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Shenandoah Valley Partnership Holds Annual Meeting

Reported by Alana Austin, NBC 29 News

Things are looking up in the valley on the economic front. The Shenandoah Valley Partnership (SVP) hosted its annual meeting at the Best Western of Waynesboro Friday. Leaders from the region addressed a whole host of topics.

The SVP is a collaboration among public and private organizations. The idea being that working together will lead to greater success for the region. Friday, SVP members had a full agenda as leaders discussed progress made and what sectors still need work.

Over the past year, more marketing efforts and attendance at trade shows have all helped increase exposure for valley businesses.

“Our existing industry base has expanded tremendously over the past few years.” Robin Sullenberger, the CEO of the Shenandoah Valley Partnership stated, “Getting the private sector involved in what we’re trying to do to promote economic development is critical to our success.”

Sullenberger points to the food industry as a stronghold, and advanced manufacturing and life sciences as other important fields here. But, a major issue remains. The keynote speaker, who leads Virginia’s community college system, says rural parts of the state need to boost graduation rates and skills-based training.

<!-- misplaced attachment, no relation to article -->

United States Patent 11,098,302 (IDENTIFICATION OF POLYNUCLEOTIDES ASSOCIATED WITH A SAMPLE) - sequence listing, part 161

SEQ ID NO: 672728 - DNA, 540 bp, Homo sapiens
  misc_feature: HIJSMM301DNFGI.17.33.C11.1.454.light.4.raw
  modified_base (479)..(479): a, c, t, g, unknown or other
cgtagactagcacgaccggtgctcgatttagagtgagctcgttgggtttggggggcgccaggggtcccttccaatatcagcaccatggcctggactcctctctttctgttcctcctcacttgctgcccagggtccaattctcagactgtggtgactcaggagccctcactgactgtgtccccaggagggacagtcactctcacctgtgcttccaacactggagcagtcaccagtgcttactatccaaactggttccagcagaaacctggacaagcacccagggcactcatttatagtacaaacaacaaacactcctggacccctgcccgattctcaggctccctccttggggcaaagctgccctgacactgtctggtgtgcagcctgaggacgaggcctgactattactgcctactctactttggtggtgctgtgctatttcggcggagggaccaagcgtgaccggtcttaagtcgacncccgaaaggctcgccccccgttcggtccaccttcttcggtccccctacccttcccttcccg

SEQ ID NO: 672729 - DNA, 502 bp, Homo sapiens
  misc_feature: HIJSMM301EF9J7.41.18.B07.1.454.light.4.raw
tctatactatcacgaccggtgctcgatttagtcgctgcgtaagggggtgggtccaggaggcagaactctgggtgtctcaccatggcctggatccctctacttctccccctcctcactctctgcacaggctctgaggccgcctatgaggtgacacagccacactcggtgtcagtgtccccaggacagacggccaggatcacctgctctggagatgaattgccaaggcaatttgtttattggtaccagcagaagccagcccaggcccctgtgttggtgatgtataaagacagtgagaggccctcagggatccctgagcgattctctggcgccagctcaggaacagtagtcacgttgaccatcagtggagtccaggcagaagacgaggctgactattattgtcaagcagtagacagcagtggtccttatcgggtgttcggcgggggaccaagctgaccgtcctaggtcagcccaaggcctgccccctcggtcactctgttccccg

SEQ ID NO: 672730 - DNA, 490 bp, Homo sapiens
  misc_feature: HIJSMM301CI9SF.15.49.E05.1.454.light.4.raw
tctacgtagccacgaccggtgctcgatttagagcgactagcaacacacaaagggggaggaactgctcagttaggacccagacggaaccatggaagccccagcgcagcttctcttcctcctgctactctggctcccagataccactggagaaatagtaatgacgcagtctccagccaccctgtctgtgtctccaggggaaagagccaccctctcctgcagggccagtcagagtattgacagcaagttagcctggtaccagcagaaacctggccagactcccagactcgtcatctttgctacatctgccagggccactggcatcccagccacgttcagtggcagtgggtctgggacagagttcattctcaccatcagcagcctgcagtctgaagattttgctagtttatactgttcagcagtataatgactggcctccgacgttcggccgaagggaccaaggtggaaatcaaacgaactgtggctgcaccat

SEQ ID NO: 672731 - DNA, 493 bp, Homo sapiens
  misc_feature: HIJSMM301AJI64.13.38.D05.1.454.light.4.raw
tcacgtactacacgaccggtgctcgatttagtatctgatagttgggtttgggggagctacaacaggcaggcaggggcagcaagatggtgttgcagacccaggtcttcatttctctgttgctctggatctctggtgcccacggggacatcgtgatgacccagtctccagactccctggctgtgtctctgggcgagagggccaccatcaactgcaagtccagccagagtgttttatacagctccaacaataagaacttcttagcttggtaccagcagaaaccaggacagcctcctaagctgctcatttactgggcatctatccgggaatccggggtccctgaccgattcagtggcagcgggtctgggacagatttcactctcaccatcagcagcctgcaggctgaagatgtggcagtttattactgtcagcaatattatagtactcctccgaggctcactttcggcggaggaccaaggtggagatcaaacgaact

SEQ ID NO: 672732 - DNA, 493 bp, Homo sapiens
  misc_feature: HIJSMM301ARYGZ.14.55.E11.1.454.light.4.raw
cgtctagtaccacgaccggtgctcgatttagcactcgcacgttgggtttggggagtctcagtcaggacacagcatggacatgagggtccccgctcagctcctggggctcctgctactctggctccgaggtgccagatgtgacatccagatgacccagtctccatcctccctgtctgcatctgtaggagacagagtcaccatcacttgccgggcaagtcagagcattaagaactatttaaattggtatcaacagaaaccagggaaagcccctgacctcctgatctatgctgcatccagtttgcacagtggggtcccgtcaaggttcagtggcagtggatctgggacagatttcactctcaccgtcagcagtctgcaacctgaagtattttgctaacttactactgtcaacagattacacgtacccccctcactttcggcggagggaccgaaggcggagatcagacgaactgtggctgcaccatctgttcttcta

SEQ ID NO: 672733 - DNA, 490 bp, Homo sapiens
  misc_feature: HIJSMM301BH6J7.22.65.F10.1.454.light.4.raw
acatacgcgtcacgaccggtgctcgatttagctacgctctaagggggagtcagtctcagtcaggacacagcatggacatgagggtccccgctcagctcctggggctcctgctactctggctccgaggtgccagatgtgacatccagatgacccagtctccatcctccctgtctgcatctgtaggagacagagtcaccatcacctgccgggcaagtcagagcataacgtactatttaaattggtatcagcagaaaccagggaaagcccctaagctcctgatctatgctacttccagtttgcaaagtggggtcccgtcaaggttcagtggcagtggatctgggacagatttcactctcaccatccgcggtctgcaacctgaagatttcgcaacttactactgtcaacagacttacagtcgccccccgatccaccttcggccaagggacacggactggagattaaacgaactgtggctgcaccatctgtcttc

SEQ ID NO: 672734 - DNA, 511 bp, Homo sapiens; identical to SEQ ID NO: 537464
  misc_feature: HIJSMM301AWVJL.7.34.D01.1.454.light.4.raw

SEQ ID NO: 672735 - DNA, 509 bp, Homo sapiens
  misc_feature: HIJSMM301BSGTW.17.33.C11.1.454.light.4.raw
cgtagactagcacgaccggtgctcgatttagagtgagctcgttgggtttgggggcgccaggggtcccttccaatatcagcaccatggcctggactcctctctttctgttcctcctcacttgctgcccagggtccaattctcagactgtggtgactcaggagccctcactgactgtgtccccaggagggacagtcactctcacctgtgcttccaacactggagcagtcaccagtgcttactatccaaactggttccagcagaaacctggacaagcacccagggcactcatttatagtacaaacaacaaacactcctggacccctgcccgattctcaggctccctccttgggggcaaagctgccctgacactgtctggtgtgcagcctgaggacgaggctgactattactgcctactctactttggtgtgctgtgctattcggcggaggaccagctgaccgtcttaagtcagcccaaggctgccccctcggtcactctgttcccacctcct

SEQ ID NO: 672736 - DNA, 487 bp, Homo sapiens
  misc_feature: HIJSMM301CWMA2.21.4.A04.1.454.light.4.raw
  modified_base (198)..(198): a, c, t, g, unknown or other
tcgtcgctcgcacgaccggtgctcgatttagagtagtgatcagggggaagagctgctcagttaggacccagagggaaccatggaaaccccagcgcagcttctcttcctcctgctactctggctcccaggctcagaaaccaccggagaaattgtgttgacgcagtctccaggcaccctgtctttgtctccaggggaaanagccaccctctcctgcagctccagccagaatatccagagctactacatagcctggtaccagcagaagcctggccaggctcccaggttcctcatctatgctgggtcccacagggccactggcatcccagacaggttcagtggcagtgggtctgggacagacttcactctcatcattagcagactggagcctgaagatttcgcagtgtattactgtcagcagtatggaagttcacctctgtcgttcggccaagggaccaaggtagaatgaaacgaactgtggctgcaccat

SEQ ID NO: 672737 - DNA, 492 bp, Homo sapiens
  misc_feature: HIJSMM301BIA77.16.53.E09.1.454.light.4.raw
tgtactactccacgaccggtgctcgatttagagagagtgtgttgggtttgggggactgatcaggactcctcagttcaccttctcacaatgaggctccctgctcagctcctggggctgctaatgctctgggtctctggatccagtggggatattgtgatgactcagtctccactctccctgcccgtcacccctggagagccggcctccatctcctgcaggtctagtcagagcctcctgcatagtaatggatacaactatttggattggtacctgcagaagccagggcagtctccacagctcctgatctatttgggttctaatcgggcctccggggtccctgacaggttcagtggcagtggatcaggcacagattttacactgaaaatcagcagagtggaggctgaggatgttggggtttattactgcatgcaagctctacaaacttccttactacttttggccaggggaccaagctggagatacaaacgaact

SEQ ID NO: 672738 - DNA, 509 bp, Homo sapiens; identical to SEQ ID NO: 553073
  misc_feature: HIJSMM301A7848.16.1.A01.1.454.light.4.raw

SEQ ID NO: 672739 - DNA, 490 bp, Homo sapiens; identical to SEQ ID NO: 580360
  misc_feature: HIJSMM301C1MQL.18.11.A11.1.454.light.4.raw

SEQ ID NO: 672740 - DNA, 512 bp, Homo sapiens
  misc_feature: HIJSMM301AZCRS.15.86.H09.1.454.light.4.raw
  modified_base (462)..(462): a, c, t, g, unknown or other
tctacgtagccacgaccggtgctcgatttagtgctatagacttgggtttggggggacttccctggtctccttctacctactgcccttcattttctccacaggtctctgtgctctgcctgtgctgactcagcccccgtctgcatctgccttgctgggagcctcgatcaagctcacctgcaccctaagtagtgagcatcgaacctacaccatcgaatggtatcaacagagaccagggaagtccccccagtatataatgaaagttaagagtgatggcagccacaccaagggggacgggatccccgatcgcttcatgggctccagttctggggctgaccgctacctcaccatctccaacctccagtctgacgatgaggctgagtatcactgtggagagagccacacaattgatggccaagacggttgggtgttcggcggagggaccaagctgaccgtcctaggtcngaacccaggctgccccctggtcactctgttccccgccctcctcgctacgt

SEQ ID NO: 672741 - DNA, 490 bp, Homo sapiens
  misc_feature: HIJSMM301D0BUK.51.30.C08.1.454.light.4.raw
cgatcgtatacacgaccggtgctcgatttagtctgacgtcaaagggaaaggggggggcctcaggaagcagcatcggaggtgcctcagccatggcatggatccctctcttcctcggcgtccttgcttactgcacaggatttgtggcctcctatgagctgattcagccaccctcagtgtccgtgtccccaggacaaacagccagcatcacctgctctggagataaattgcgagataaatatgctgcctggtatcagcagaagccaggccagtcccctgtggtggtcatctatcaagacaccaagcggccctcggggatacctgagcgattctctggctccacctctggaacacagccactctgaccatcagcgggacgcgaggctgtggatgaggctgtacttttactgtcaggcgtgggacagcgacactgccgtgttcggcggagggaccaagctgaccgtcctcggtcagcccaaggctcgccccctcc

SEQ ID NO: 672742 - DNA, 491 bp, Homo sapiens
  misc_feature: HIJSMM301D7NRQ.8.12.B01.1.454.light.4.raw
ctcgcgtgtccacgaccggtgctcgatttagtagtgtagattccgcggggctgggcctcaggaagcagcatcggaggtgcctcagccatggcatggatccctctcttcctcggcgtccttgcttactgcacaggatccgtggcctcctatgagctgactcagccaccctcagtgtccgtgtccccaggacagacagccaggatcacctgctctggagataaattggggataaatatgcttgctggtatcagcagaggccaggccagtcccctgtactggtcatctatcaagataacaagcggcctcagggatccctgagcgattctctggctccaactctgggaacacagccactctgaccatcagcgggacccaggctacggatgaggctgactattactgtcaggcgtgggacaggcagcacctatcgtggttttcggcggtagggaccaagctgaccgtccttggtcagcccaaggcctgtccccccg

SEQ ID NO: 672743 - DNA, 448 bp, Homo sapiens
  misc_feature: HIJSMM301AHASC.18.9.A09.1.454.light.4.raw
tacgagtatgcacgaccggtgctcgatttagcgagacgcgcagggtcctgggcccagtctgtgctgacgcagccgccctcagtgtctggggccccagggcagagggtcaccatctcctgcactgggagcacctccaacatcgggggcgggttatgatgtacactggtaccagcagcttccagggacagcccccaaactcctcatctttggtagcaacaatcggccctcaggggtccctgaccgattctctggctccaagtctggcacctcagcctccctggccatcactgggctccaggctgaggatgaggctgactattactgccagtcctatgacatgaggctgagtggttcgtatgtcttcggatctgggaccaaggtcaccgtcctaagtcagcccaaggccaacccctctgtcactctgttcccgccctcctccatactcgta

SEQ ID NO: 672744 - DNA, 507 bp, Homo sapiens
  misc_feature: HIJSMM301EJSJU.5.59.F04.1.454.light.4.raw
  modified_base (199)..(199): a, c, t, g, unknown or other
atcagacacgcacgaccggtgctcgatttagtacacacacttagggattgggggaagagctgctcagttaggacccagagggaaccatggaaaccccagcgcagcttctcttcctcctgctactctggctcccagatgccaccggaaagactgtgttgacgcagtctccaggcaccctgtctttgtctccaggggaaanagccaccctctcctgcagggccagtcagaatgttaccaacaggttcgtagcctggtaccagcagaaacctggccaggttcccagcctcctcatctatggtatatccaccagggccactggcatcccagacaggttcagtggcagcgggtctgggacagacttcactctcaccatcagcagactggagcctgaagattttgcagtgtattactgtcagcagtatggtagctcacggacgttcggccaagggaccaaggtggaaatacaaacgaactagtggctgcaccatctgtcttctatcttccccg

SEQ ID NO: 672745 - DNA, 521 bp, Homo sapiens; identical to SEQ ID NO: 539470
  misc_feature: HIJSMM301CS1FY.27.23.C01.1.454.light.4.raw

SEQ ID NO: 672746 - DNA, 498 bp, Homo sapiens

“The workforce portion of our promotional efforts is so critically important because without the appropriate skill sets we cannot promote the region effectively for development,” Sullenberger stated.

Leaders also addressed a transition in leadership. After 13 years with SVP, Sullenberger retires in September. Augusta County Economic Development Director Dennis Burnett will take over.

Burnett said, “I am very excited about the new opportunity. Robin has been a personal mentor to me during my time here in Augusta County; I’ve got big shoes to fill. I’m very confident we can maintain Robin’s legend and continue to take the partnership into the next level.”

Burnett says he’ll focus on advancing collaborative opportunities for the members and encouraging grassroots approaches to improving the valley’s economy.

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